They will match
wits from the instant the referee spots the ball.
PLAY CLOCK :30
Sometimes the Colts
will huddle, sometimes not. In either case offensive coordinator Tom Moore
dictates instructions into Manning's helmet by radio. Bears defensive
coordinator Ron Rivera, in a box above the field, calls the formation into the
headset of linebackers coach Bob Babich on the sideline. Babich uses hand
signals to relay the call to Urlacher. "They always take too long,"
says Urlacher, laughing. "I'm on the field, yelling at Coach Babich,
'What's the call!'"
Once the teams come
to the line, the complexity lies more in the guessing game--the last-second
adjustments and counters--than in the multiplicity of formations. The Colts
will line up with Manning in shotgun or under center, and either Joseph Addai
or Dominic Rhodes in the backfield. There will be three or four wideouts. The
Bears will usually start in their 4--3, deploying two safeties deep in a Cover
Two look. "Neither the Bears' defense or the Colts' offense is real
complicated," says quarterback Drew Brees, whose New Orleans Saints lost to
Chicago 39--14 in the NFC Championship Game. "They don't run a lot of
formations. But they both have a lot of confidence in what they do."
PLAY CLOCK :15
Manning begins a
series of movements that are now familiar to even the most casual fan: pointing
out the safeties, pumping his right leg, leaning over and shouting to the
offensive linemen. What is he doing? Sometimes he's calling the play. Sometimes
he's changing it. "Sometimes," says Urlacher, "he's just screwing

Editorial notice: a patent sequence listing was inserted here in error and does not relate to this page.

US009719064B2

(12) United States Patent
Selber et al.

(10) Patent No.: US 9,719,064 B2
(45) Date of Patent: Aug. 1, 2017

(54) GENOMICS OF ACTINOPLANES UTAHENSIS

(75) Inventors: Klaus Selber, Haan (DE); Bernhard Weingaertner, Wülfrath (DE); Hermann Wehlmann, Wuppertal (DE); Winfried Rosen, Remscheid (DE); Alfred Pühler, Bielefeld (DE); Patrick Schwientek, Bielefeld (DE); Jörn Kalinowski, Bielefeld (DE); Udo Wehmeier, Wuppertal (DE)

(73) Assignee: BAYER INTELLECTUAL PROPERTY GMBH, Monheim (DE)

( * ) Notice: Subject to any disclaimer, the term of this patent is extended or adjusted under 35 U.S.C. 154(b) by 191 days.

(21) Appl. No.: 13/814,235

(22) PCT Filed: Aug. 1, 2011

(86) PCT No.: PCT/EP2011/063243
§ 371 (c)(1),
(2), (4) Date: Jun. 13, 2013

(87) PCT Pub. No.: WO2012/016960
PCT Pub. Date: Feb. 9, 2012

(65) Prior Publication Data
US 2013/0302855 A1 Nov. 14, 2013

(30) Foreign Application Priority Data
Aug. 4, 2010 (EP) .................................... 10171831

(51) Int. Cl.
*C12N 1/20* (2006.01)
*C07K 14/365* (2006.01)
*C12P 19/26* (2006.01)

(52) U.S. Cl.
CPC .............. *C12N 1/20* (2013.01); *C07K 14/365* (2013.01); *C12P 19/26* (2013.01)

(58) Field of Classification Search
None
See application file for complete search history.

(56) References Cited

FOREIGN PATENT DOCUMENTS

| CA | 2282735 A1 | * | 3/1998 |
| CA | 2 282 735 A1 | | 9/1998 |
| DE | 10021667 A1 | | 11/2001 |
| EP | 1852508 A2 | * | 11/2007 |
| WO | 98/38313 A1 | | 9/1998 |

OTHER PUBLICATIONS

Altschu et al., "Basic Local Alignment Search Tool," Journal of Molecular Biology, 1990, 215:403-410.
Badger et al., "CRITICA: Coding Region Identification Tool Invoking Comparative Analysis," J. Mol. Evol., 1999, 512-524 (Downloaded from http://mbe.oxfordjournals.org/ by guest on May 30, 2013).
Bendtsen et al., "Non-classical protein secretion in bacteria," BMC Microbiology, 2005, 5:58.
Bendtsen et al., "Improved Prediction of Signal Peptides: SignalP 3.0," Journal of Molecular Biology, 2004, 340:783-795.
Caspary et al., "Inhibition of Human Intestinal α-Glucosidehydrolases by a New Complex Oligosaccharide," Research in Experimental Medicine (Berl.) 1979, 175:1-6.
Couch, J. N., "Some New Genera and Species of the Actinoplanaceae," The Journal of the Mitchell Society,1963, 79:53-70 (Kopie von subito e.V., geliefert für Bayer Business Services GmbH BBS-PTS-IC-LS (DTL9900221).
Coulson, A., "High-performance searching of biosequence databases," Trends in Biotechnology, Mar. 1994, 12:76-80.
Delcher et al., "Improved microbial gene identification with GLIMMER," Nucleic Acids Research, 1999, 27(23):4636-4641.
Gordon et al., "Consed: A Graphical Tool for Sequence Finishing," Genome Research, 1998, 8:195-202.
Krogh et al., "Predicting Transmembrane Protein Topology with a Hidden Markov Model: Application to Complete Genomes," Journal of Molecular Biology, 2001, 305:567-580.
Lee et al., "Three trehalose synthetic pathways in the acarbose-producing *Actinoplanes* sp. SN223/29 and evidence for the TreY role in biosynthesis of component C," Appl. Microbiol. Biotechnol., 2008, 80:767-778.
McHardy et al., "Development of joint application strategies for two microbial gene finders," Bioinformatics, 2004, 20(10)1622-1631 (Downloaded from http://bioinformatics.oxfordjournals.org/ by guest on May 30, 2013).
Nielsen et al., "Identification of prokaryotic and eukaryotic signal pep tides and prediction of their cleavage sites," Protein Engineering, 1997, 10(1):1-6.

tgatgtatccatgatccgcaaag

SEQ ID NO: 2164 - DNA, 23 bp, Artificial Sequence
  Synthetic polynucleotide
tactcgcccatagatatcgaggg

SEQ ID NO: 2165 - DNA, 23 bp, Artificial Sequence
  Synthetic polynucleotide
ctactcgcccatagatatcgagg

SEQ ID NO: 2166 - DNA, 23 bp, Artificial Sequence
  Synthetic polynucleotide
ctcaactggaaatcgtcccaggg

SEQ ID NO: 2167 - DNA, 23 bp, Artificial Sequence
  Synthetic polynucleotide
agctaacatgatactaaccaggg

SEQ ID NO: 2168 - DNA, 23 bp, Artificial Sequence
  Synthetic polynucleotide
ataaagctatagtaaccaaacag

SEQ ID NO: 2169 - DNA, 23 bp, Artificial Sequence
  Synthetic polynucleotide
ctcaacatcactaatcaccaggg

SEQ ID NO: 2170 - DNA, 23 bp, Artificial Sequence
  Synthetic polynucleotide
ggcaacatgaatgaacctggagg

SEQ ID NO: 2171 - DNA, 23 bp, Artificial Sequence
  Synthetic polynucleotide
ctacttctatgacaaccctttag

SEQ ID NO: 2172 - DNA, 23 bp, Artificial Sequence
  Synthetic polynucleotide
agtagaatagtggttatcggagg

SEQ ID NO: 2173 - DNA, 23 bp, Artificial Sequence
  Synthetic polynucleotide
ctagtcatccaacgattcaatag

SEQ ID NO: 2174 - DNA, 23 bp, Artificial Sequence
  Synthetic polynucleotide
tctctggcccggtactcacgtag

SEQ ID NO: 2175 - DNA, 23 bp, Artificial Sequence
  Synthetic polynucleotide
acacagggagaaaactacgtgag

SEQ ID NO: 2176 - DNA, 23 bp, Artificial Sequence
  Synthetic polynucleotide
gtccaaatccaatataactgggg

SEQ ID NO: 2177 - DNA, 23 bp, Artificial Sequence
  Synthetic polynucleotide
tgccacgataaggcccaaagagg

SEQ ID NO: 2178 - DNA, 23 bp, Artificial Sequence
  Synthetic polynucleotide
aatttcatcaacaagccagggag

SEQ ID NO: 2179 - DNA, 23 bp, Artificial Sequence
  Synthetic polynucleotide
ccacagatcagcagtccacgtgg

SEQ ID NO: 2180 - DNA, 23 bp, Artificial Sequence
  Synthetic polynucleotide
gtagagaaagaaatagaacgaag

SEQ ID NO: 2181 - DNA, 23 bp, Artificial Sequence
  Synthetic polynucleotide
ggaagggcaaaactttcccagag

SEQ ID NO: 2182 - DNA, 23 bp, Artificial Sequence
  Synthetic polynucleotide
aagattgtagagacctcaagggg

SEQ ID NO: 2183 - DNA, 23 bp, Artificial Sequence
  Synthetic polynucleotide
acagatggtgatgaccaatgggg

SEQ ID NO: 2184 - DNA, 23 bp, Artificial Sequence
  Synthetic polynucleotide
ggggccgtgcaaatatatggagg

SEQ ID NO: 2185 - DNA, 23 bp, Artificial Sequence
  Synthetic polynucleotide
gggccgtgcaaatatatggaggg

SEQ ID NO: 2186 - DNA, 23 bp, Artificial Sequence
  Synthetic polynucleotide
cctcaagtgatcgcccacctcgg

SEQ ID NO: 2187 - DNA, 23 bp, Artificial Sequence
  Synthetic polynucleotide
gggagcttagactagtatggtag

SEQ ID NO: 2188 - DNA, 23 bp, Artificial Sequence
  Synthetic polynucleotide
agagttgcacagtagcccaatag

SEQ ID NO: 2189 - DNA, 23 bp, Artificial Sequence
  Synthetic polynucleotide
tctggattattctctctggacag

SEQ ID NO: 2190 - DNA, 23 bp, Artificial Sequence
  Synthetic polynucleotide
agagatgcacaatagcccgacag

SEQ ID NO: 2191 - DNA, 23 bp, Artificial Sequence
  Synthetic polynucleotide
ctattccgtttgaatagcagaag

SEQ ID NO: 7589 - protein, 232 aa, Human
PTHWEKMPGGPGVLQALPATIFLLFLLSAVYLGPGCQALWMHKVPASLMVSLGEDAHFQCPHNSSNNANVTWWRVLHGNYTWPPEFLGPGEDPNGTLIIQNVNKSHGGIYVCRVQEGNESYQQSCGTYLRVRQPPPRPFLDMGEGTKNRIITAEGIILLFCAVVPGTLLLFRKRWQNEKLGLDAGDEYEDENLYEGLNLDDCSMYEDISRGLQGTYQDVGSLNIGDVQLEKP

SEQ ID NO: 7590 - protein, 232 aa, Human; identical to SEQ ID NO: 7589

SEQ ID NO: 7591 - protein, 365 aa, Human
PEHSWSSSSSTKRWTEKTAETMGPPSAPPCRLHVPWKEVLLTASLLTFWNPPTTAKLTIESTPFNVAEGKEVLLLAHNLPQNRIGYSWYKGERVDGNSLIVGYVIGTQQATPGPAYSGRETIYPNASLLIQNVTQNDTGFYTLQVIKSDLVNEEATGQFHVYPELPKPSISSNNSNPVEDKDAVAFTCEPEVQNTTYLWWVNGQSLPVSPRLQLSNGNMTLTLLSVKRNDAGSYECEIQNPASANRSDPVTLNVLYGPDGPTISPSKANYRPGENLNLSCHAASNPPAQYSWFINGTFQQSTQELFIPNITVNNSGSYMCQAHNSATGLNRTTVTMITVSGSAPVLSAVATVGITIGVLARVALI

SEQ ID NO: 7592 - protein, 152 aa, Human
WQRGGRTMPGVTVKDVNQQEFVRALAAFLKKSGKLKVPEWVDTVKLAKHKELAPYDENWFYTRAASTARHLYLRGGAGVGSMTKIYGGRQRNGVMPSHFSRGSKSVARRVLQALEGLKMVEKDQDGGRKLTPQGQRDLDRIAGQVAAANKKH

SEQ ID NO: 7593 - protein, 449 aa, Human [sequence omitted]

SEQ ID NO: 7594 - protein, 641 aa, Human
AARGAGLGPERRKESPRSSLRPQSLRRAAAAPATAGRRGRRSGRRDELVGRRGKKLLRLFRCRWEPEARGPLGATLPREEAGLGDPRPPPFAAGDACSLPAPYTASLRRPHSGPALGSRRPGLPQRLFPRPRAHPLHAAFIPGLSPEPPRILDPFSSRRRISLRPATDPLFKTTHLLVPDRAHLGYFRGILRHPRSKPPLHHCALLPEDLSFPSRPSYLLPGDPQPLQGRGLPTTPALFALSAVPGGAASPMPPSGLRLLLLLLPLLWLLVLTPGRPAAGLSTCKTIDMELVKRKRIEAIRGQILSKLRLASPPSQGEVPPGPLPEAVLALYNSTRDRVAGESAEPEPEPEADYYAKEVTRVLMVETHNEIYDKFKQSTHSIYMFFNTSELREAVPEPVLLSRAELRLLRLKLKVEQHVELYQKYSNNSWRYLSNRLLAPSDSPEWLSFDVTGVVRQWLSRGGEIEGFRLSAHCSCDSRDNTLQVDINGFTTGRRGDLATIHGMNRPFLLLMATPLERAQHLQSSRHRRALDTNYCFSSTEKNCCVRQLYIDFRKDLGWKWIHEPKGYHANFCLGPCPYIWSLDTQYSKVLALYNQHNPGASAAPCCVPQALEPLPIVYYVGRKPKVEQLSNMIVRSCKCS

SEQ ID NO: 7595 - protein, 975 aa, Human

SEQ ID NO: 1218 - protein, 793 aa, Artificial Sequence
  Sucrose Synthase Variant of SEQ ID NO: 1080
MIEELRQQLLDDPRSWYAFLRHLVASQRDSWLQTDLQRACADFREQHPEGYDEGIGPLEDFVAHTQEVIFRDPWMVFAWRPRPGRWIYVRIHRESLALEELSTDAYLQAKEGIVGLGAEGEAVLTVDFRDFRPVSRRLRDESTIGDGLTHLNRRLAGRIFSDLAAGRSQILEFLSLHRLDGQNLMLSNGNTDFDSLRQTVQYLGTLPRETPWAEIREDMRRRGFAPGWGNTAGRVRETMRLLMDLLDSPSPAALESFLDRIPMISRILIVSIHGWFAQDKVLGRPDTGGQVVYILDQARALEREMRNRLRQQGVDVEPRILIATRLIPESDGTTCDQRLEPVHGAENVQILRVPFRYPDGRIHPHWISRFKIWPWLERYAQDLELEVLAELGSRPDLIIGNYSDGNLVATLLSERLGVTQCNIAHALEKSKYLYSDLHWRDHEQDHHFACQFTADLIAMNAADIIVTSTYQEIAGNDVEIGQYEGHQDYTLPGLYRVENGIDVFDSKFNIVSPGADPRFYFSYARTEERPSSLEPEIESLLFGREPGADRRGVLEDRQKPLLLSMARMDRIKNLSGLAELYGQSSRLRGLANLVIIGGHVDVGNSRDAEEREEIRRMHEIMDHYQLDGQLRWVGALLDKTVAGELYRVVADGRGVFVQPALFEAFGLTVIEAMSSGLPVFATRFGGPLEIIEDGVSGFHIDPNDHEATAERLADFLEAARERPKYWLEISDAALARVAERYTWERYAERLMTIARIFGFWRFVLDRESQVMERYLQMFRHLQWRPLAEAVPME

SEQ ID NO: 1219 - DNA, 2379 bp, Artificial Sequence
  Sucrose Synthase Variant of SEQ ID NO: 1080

around with us."
often jumps into the A gap, right over the center. "That's so he can listen
to the quarterback and make you think he's going to blitz," explains
"He leans in so he's right in your face, and you start to audible and then
he starts to audible, except you're not really sure if he's audibling or not.
It's pretty intense, although it's more intense at Soldier Field, with the
crowd noise. That won't be a factor in Miami."
PLAY CLOCK :10
By now Manning has
seen the Bears' defensive alignment and is adjusting his call accordingly. The
Colts players shift. It's Urlacher's turn to act. "The key for us is to
hold our alignment until Peyton is finished with his acrobatics and then go
into our own movements," Rivera says. "And that's all on Brian."
Rivera snatches a video controller off his desktop on the second floor of Halas
Hall, the Bears' training facility in Lake Forest, Ill. "Here's what Brian
does for us," he says, cuing up two plays on the wall-sized screen, both
from Chicago's win over the Seahawks.